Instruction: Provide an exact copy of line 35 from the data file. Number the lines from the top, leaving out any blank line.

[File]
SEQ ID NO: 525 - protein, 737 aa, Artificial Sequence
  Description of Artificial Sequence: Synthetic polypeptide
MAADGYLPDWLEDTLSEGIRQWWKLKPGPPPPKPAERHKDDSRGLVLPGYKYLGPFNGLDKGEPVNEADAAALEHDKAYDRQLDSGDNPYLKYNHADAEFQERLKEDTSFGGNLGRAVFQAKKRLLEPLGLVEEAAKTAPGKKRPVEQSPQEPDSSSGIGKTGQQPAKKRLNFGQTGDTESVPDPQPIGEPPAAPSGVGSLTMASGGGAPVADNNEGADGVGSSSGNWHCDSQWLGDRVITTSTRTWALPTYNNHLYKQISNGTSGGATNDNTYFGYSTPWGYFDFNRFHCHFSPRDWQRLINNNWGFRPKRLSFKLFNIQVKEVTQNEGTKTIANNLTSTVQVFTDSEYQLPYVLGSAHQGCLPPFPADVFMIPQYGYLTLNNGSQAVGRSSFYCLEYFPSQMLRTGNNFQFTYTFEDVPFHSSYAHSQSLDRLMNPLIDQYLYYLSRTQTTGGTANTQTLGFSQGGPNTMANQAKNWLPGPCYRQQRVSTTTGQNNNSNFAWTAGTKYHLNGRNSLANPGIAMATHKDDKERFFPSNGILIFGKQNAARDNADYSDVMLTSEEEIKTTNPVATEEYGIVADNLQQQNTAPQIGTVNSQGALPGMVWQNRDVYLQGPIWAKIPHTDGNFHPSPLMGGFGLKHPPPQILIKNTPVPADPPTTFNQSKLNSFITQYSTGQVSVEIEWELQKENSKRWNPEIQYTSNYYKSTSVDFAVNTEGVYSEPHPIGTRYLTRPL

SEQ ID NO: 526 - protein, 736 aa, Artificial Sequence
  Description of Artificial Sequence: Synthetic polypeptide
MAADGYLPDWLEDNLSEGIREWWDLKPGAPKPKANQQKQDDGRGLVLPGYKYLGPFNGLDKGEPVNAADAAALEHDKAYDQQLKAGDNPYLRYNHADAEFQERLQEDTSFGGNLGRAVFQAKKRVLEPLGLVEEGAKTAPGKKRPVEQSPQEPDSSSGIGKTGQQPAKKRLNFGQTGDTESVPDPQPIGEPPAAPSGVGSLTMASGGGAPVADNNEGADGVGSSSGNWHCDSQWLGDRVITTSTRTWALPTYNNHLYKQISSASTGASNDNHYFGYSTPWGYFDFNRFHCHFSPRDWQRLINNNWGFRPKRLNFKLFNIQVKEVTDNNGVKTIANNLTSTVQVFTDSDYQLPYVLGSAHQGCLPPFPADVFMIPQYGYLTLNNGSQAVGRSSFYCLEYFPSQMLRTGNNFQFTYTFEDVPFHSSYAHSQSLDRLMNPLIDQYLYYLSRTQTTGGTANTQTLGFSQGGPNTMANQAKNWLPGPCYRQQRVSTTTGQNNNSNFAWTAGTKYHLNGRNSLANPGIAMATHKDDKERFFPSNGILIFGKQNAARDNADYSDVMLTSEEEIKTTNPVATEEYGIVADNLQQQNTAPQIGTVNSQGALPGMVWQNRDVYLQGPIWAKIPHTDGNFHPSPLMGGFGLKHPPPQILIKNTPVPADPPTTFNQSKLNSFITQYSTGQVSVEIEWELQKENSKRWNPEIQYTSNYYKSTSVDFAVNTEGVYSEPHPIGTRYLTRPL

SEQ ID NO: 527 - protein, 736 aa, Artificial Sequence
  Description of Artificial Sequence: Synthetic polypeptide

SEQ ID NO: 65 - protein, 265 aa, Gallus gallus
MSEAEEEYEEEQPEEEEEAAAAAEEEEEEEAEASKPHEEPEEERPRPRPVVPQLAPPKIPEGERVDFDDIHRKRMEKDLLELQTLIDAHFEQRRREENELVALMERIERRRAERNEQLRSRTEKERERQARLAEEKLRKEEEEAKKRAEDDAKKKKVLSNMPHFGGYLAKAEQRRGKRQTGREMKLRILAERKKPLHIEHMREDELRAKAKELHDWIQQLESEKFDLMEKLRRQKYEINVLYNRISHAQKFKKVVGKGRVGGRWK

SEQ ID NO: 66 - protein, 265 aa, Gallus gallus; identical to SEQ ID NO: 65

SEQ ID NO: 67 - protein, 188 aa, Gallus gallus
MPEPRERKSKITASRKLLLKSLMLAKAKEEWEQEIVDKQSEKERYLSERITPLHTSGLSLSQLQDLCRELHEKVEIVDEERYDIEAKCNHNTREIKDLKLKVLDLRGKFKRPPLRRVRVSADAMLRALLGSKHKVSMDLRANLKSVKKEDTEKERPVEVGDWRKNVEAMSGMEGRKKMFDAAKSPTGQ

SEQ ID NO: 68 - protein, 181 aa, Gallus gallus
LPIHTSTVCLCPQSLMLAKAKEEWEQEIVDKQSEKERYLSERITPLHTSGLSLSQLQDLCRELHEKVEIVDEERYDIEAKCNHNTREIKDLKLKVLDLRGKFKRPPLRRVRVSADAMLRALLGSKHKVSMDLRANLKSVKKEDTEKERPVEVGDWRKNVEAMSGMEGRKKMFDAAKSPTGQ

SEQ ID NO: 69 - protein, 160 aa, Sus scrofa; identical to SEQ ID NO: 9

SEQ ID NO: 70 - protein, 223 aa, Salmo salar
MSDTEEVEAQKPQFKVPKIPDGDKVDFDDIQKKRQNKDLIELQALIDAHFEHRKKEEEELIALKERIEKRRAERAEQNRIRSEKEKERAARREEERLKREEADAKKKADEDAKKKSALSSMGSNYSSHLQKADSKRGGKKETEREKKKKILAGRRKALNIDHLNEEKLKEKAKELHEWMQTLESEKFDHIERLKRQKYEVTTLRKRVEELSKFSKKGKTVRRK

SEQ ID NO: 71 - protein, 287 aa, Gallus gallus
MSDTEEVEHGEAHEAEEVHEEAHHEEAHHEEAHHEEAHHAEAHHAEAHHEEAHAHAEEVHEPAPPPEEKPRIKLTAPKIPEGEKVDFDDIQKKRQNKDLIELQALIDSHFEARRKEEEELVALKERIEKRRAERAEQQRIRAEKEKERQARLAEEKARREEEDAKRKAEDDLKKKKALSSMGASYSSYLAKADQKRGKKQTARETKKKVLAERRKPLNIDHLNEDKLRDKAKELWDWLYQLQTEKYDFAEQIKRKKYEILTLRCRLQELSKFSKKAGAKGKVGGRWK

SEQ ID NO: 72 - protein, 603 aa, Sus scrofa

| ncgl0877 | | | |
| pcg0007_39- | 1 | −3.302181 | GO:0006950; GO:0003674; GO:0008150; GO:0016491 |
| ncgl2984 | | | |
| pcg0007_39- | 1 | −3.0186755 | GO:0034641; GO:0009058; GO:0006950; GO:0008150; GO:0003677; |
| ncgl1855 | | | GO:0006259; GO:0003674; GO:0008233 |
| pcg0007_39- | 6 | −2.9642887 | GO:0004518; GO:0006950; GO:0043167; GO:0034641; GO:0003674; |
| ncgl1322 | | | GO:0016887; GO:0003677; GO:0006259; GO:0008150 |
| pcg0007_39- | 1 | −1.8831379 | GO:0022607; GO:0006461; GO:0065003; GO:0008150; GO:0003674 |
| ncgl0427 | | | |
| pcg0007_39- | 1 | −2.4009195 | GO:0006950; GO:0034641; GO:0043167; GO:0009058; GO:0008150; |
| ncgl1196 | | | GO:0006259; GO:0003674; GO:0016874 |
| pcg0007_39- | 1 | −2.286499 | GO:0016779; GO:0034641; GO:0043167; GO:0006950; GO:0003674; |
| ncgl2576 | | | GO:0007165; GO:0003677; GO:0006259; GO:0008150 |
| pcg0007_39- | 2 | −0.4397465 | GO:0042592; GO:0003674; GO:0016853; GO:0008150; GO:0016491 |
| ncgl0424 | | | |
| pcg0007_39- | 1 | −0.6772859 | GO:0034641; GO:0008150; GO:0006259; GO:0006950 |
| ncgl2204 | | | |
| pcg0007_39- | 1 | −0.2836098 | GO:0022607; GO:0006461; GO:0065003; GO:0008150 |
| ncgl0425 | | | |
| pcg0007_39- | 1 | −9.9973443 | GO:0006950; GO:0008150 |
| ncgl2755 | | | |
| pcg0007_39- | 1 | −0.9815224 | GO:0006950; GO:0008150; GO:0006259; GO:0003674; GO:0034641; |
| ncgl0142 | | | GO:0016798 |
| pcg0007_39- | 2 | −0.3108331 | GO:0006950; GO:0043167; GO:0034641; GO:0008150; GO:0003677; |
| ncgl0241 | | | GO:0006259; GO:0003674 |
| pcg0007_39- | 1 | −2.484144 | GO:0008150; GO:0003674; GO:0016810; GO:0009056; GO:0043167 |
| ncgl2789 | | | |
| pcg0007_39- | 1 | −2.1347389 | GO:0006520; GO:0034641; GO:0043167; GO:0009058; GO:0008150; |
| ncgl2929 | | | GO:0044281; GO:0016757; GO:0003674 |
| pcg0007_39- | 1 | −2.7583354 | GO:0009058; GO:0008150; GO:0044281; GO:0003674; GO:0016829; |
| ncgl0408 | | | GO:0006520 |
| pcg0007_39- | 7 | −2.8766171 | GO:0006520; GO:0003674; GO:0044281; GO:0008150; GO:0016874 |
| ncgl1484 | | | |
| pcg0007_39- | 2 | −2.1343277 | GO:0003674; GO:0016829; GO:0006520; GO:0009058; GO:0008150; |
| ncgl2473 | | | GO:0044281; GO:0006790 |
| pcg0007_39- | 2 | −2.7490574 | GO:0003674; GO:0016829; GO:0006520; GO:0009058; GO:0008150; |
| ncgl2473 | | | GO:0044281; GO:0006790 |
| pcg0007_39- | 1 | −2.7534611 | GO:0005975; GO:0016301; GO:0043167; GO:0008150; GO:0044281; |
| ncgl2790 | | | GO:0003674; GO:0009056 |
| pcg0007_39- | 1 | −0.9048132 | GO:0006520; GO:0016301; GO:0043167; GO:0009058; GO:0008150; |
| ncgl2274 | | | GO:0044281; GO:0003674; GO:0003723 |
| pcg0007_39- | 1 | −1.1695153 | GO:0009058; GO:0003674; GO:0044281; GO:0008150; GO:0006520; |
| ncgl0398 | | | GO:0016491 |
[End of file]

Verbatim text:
| pcg0007_39- | 2 | −0.4397465 | GO:0042592; GO:0003674; GO:0016853; GO:0008150; GO:0016491 |